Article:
• 8, 9 It can be seen that on the date of their issuance, these certificates were demand obligations. The holder of them had the right to their continued ownership, without modification of this right which can be caused by a two-year period of limitation. If demand for payment of principal or the interest due were followed by default, the holder could elect to delay enforcement of the certificate liens. To construe amended section 11-31-2 of chapter 24 and apply it retroactively to the certificates issued to plaintiff prior to the amendment, as urged by defendants, would impair the obligation of contract which led to issuance of the certificates. This construction would render the statute unconstitutional. (Hogan v. Bleeker, 29 Ill.2d 181, 193 N.E.2d 844; and see Pacific Mail Steamship Co. v. Joliffe (1864), 2 Wall. 450, 69 U.S. 450, 17 L.Ed. 805.) We will not adopt an unconstitutional statutory construction when a construction consistent with constitutionality appears more reasonable. Therefore, we hold that the limitation period contained in the amendment to chapter 24, par. 11-31-2 is not to be applied to receiver's certificates issued prior to August 5, 1965. As a consequence, plaintiff's suits are not barred by its provisions. See Hogan v. Bleeker, supra; compare Country Mutual Insurance Company v. Knight, 40 Ill.2d 423, 240 N.E.2d 612 and Stanley v. Denning, (Ill. App.2d), 264 N.E.2d 521.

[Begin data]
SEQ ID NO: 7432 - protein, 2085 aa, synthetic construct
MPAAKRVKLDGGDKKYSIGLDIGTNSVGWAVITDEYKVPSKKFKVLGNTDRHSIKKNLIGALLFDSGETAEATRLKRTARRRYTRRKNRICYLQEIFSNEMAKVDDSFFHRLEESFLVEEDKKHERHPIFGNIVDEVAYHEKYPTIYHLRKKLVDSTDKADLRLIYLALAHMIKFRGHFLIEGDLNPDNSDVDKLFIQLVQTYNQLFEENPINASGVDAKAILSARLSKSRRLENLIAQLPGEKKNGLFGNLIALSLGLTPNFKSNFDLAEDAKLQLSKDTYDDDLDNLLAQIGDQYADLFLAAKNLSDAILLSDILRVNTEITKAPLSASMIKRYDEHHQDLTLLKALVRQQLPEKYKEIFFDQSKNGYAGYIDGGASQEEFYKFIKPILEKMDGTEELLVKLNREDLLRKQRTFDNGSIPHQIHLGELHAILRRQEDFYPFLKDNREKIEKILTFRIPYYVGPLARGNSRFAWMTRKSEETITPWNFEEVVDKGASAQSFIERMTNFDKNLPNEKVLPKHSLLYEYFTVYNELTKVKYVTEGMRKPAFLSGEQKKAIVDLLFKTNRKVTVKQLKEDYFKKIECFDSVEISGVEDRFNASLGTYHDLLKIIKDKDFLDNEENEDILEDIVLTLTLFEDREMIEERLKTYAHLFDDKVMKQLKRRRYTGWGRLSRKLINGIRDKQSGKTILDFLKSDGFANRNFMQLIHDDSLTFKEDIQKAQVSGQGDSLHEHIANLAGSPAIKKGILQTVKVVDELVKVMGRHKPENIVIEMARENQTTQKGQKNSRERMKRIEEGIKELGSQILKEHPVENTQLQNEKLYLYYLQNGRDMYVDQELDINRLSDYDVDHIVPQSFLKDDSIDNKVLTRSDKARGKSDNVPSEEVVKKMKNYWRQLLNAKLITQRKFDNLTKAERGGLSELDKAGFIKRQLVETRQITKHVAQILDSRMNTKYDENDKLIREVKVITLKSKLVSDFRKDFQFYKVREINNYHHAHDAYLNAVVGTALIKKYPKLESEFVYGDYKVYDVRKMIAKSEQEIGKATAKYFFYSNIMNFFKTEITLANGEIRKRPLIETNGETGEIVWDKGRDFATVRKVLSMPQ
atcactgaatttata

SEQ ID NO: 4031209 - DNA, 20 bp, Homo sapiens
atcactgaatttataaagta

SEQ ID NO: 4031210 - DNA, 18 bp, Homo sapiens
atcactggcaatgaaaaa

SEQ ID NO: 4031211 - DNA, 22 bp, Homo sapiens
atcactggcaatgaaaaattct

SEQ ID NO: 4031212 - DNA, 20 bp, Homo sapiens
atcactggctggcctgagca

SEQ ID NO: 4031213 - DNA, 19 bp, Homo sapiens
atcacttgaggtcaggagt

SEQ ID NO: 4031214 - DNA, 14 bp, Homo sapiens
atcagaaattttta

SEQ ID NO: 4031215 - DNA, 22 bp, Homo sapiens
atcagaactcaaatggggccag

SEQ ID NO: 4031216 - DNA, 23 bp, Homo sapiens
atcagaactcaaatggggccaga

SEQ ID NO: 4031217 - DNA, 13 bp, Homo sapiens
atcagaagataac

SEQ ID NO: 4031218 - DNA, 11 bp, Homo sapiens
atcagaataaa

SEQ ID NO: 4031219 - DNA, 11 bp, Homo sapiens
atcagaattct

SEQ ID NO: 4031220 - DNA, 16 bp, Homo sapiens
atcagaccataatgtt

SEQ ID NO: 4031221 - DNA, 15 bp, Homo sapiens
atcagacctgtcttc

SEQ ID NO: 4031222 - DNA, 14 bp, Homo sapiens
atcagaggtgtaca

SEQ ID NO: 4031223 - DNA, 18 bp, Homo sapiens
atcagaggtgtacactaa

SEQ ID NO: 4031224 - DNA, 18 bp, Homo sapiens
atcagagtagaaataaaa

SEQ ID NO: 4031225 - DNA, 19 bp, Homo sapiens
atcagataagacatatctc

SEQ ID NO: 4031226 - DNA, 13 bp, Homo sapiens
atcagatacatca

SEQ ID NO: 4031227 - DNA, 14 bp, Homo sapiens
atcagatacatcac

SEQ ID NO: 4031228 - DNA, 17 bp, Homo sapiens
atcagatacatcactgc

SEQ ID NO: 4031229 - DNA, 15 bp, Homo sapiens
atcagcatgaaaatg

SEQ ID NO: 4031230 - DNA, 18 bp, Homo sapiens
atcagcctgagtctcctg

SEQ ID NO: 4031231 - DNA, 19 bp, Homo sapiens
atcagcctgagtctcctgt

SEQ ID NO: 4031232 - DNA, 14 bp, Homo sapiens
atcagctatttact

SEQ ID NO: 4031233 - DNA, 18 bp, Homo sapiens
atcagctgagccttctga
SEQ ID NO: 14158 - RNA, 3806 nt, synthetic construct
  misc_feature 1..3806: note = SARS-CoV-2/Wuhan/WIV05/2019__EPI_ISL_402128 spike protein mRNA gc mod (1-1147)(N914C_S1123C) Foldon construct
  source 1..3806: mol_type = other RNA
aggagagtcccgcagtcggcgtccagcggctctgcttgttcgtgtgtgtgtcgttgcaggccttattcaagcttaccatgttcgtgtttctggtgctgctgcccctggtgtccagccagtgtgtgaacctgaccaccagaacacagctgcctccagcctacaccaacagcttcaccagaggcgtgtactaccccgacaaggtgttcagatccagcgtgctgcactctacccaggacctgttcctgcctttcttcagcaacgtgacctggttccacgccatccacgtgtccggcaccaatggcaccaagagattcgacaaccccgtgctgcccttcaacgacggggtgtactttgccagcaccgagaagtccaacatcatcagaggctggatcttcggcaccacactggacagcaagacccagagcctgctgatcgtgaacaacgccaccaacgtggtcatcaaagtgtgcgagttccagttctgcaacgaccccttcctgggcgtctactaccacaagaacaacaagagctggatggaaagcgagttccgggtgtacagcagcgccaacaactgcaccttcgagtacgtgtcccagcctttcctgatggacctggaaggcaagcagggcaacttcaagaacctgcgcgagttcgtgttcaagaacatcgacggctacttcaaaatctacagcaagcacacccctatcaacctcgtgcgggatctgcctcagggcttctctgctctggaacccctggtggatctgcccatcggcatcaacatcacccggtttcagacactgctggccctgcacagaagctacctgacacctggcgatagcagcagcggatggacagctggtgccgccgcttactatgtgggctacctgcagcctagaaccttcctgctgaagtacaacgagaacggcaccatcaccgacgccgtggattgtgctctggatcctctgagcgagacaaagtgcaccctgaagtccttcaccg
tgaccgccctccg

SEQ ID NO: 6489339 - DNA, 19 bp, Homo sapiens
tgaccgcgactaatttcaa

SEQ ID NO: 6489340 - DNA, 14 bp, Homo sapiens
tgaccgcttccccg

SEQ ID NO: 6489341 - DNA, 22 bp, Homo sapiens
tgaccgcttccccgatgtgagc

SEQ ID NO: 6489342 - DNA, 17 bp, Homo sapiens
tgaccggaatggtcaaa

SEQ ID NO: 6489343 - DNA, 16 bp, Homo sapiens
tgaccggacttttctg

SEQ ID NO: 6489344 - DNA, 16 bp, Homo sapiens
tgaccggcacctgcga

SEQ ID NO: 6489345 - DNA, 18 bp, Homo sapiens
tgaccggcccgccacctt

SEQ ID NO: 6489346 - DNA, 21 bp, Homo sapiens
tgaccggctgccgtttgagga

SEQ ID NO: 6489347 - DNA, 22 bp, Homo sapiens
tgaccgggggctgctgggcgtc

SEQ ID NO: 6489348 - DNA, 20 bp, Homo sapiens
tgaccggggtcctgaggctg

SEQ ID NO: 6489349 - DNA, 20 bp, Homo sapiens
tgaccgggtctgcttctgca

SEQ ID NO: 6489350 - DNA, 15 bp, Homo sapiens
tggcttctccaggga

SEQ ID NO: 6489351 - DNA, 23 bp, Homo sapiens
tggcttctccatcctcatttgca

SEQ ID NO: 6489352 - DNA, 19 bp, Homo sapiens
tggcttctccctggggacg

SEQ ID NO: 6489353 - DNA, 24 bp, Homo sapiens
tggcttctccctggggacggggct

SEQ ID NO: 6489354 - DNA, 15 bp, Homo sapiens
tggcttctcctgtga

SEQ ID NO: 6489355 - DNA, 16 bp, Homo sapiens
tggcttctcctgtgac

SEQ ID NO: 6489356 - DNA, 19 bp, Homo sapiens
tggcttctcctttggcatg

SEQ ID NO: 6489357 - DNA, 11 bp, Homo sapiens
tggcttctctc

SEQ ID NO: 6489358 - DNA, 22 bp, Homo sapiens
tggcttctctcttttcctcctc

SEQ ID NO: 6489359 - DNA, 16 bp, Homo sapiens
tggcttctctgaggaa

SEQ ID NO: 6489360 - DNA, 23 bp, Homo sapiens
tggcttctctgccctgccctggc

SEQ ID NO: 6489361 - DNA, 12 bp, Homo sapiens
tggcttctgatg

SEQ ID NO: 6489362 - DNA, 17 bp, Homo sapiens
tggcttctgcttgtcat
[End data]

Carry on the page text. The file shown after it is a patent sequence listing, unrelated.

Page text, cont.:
The second issue arises from defendant's contention that the receiver was ordered to issue the certificates to plaintiff "[a]s a means of paying for the demolition performed relative to the premises * * *." located at 938-944 and 1001-1005 North Wells Street, Chicago. Defendants argue that their evidence established a material failure to perform the two demolition contracts. They say that plaintiff did not fill the foundation of each demolished building "[w]ith solid fill to grade level. To the contrary, plaintiff filled the property with unfit, combustible materials in violation of the contract[s] * * *" "on completion of demolition, the site shall be filled where necessary with clear soil, cinders or other inorganic material * * *."